If the UK votes to leave the EU next month, it would be damaging for prospects of greater power interconnectivity with other member states.

Euractiv reports that leaving the EU would mean the UK would not automatically remain a member of initiatives and institutions working to harmonise EU energy prices and develop cross-border rules for electricity interconnectors.
UK EU interconnected
The news agency quoted Silke Goldberg, a counsel focused on energy at law firm Herbert Smith Freehills, as saying, “one of the areas that would be immediately affected is actually interconnectors – both existing and planned projects”.

This is because the UK would no longer automatically be part of the EU regulatory framework for market coupling – an EU initiative to unify electricity trading and harmonise power prices across Europe.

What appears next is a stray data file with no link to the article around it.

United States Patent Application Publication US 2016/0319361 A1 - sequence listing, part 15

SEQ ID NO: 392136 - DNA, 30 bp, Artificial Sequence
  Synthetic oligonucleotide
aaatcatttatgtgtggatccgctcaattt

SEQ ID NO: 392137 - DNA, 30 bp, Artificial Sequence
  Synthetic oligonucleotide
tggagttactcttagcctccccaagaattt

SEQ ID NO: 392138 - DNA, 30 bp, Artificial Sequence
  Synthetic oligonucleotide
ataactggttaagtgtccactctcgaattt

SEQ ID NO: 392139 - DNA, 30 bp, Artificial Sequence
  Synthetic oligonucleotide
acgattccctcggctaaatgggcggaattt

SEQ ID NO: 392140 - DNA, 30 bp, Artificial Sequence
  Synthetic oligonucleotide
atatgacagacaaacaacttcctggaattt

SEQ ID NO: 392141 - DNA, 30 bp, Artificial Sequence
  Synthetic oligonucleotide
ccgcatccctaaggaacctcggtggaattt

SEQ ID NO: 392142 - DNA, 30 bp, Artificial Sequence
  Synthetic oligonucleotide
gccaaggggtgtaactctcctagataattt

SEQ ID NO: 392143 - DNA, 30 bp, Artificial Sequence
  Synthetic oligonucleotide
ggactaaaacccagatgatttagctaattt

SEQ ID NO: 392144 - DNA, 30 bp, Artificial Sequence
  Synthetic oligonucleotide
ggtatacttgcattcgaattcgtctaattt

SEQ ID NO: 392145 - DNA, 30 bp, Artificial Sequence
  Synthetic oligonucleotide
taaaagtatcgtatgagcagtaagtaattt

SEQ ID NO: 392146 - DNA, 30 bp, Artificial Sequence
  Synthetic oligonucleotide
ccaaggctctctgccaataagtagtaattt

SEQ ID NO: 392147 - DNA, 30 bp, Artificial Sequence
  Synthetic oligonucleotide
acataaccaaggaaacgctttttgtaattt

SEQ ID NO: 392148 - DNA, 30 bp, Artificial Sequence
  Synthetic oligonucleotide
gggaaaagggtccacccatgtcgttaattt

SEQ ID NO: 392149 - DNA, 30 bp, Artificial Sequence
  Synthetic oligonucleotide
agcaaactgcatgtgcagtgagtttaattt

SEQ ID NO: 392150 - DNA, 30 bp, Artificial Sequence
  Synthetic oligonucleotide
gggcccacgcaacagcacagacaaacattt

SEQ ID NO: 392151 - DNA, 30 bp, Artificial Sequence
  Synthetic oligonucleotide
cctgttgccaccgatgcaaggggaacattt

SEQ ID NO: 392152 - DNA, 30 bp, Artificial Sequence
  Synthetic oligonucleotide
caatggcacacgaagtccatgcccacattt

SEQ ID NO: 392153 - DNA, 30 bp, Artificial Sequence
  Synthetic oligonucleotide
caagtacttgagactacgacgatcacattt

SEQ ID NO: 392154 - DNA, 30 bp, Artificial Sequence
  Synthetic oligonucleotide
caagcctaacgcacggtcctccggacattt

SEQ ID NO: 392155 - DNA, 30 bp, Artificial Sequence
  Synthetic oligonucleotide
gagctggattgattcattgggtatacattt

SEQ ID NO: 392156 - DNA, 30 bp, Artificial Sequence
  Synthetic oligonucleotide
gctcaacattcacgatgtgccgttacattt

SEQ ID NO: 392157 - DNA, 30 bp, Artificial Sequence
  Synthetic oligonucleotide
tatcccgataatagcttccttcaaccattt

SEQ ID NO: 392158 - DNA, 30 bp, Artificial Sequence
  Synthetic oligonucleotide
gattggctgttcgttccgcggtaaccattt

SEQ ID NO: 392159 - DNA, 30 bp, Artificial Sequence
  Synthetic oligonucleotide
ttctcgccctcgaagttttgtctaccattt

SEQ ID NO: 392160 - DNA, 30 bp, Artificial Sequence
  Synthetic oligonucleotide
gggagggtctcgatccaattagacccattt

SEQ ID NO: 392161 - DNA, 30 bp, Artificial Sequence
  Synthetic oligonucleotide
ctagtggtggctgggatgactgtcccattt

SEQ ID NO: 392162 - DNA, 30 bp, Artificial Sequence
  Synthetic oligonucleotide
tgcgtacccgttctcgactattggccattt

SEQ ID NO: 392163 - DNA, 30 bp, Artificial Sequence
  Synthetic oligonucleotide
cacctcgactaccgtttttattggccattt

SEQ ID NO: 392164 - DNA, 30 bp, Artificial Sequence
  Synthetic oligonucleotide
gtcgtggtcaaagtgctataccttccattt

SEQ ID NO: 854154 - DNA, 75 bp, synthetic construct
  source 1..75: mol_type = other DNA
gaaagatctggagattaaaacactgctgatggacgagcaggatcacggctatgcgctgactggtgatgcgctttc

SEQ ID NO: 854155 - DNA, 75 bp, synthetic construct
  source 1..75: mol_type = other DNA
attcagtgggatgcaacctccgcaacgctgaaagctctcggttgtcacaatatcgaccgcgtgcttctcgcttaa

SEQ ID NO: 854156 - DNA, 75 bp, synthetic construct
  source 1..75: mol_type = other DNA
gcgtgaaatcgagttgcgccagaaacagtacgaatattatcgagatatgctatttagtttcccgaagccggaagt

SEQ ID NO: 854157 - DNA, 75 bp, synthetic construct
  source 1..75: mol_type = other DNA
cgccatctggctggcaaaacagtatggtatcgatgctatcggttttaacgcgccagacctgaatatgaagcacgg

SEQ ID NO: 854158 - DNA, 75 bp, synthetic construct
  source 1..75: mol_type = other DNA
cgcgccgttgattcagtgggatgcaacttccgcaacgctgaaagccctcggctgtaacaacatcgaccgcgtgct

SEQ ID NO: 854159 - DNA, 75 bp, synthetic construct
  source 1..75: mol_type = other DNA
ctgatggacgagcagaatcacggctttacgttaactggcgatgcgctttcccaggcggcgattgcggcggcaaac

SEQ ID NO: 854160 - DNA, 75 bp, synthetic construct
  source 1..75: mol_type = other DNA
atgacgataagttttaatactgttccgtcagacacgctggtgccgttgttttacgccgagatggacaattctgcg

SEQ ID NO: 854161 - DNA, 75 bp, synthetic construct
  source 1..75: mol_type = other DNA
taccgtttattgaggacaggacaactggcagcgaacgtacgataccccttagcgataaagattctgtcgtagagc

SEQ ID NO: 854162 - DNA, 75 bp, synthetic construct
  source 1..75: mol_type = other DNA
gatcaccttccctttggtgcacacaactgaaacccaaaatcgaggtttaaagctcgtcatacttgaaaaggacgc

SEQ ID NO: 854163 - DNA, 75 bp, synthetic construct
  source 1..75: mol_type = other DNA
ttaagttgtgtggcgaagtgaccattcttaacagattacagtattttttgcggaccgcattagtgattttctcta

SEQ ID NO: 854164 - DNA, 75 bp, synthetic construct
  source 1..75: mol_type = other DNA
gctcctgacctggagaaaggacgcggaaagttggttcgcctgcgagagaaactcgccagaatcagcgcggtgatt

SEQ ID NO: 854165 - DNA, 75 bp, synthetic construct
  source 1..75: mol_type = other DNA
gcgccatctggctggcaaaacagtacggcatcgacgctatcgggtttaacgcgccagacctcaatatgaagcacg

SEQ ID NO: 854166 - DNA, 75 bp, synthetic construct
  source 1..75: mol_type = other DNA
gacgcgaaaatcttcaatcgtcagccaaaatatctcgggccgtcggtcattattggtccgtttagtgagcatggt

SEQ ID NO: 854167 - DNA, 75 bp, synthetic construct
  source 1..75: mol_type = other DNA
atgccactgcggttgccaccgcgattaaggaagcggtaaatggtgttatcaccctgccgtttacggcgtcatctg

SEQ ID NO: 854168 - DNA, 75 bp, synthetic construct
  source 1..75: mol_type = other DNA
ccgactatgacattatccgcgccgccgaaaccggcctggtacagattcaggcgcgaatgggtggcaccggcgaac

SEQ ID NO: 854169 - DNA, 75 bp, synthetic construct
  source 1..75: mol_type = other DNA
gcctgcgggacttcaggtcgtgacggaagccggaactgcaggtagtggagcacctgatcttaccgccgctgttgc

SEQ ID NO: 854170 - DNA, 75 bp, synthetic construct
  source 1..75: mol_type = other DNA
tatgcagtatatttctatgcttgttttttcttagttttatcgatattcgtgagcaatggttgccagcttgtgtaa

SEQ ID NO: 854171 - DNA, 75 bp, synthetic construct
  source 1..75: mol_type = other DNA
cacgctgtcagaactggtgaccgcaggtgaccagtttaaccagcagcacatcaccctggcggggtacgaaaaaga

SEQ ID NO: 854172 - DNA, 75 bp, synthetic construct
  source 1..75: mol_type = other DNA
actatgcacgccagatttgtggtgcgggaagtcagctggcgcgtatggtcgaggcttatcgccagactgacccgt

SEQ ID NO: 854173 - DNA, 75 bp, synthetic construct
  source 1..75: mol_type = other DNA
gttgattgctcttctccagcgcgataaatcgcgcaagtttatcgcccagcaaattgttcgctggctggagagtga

In addition, the UK would not automatically be able to influence decisions around the development of cross-border network codes – rules that regulate how networks are used to transport electricity for example through interconnectors. It is also uncertain whether interconnectors in the UK would qualify for funding from the European Investment Bank (EIB) or the European Fund for Strategic Investments (EFSI) if the country does not remain in the EU. Energy projects were the biggest recipient of the EIB’s €7.8 billion investments in the UK last year, accounting for 28% of all investments.

Charlotte Ramsay, National Grid’s head of strategy, markets and regulation, said last month when questioned on the subject, “Undoubtedly, there would be some disruption as we work out how we re-engage with some European institutions. One experience that we have had on the interconnector side is looking at how the Norwegians engage with the energy market … Being outside the European Union, they have had to work very hard to continue to be influential, and they have managed it.”